Total calcium, ionized calcium
A calcium blood test measures how much calcium is in your blood. Your health care provider can use this test to help diagnose and watch many conditions. There are two types of calcium blood tests. One is total calcium and the other is ionized calcium. Ionized calcium measures the "free" calcium in your blood. This is the calcium not bound to other parts of the blood.
Your health care provider may order a calcium blood test to help diagnose a variety of disorders. These include kidney disease, pancreatitis, and disease of the parathyroid gland. Calcium levels may also be abnormal in many types of cancer. Your provider might also order this test as part of a routine health check.
A normal calcium level in the blood is a good sign that your body is likely working as it should. Calcium levels that are too low (hypocalcemia) or too high (hypercalcemia) can mean of a number of problems.
People with abnormal calcium levels may not have any symptoms. Very low calcium levels can cause seizures, irregular heartbeat, muscle spasms, or tingling in the hands or feet. People with high calcium levels may have nausea, vomiting, severe thirst, or constipation. Your health care provider will use the results of a blood calcium test to figure out how to treat the underlying cause of any health problems you may have.
Calcium can be tested for a number of reasons. Other tests will vary based on what your health care provider is looking for.
Your provider may also order tests of kidney function, vitamin D, phosphorus levels, and parathyroid hormone. These tests can help figure out what is causing your abnormal calcium levels.
Many things may affect your lab test results. These include the method each lab uses to do the test. Some laboratories may have slightly different normal values than the ones below. Even if your test results are different from the normal value, you may not have a problem. To learn what the results mean for you, talk with your health care provider.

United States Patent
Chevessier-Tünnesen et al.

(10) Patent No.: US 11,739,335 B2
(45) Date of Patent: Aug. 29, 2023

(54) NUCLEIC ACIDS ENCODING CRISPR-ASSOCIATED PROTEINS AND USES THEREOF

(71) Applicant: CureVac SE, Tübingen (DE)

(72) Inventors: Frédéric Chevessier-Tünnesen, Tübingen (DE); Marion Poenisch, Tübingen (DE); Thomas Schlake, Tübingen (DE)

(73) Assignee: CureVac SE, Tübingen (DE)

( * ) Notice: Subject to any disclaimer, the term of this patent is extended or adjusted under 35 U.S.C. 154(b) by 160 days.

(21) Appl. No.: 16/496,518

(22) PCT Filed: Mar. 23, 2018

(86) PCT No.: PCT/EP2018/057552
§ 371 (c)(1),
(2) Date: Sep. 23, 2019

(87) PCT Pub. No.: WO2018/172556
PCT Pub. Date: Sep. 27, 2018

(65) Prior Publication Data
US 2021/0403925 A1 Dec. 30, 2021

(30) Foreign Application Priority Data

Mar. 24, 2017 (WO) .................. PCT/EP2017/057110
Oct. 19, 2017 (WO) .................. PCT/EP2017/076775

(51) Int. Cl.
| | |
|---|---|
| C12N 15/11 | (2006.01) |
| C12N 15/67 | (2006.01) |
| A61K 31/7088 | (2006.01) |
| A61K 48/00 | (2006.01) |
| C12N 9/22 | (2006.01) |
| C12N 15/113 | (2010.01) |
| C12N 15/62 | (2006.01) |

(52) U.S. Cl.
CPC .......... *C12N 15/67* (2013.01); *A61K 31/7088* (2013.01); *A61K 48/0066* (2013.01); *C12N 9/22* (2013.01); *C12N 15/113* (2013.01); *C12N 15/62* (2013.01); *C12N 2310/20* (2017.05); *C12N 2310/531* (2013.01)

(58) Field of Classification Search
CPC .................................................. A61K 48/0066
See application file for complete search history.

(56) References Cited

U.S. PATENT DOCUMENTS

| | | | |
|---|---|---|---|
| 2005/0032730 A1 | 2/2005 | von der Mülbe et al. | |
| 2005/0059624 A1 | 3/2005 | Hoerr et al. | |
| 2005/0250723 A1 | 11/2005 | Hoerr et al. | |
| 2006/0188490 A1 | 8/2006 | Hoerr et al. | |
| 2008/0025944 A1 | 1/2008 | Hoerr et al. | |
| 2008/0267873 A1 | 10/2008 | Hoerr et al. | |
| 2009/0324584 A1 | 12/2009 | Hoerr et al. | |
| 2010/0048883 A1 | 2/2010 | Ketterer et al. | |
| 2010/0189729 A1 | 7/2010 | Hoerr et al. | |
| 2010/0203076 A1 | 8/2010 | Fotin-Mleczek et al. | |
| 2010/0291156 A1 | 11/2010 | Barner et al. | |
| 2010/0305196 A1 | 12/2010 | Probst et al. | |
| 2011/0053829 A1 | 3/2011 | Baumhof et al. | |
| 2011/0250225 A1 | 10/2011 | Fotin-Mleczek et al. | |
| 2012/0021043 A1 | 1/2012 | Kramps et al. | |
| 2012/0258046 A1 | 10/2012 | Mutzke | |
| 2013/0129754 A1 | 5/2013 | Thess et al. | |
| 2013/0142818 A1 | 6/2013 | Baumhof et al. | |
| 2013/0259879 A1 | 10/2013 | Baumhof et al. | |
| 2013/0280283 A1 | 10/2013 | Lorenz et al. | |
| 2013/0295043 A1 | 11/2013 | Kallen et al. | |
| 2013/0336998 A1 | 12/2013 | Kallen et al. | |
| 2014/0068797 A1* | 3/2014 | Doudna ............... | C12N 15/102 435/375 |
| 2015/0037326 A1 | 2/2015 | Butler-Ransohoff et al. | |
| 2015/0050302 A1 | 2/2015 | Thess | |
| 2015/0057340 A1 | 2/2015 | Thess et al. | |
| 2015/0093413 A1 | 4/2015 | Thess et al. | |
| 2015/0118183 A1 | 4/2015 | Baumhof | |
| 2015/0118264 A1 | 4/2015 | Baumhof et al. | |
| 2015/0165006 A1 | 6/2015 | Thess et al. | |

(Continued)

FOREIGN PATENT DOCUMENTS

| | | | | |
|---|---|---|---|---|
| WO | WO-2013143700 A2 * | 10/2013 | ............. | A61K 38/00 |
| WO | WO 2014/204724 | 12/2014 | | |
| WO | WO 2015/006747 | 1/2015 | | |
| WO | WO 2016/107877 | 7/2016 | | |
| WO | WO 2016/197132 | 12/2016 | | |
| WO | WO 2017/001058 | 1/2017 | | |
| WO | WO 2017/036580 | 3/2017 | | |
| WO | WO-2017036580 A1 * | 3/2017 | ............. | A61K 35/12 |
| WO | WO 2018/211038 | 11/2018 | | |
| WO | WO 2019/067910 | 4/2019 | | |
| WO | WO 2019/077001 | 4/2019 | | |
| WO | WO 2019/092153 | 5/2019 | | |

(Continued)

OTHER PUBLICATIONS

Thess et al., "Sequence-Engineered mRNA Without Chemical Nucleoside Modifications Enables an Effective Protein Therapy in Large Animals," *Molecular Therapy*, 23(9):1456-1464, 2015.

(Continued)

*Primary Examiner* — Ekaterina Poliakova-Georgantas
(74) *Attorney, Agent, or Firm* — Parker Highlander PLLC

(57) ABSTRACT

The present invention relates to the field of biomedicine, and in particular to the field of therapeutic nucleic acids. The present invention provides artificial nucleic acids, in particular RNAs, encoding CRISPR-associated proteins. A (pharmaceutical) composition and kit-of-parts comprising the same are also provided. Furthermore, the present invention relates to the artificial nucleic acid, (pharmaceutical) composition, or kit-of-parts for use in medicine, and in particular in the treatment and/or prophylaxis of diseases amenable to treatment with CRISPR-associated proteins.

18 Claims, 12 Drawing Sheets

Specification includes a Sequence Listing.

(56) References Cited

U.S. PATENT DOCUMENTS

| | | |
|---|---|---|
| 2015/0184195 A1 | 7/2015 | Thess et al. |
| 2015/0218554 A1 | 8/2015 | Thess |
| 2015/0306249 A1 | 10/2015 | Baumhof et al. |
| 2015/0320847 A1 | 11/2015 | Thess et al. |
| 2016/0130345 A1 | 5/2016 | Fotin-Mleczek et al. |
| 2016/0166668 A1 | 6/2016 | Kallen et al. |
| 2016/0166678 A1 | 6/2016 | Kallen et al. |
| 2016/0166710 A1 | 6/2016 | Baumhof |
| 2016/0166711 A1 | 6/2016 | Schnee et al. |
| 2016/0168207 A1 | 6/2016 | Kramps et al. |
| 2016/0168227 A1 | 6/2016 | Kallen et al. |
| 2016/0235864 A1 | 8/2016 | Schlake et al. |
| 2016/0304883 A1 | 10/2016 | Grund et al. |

A normal range of total blood calcium in adults is usually between 8.5 and 10.3 milligrams/deciliter (mg/dL). Ionized calcium generally should be higher than 4.6 mg/dL to be a normal level.
The test requires a blood sample, which is drawn through a needle from a vein in your arm.
Taking a blood sample with a needle carries risks that include bleeding, infection, bruising, or feeling dizzy. When the needle pricks your arm, you may feel a slight stinging sensation or pain. Afterward, the site may be slightly sore.
A number of things can affect the results of a calcium blood test. This test is typically done at the same time as other blood tests to get a better picture of your overall health. Certain medicines can change blood calcium levels and affect the test results.
You don't need to prepare for this test. Be sure your health care provider knows about all medicines, herbs, vitamins, and supplements you are taking. This includes medicines that don't need a prescription and any illicit drugs you may use.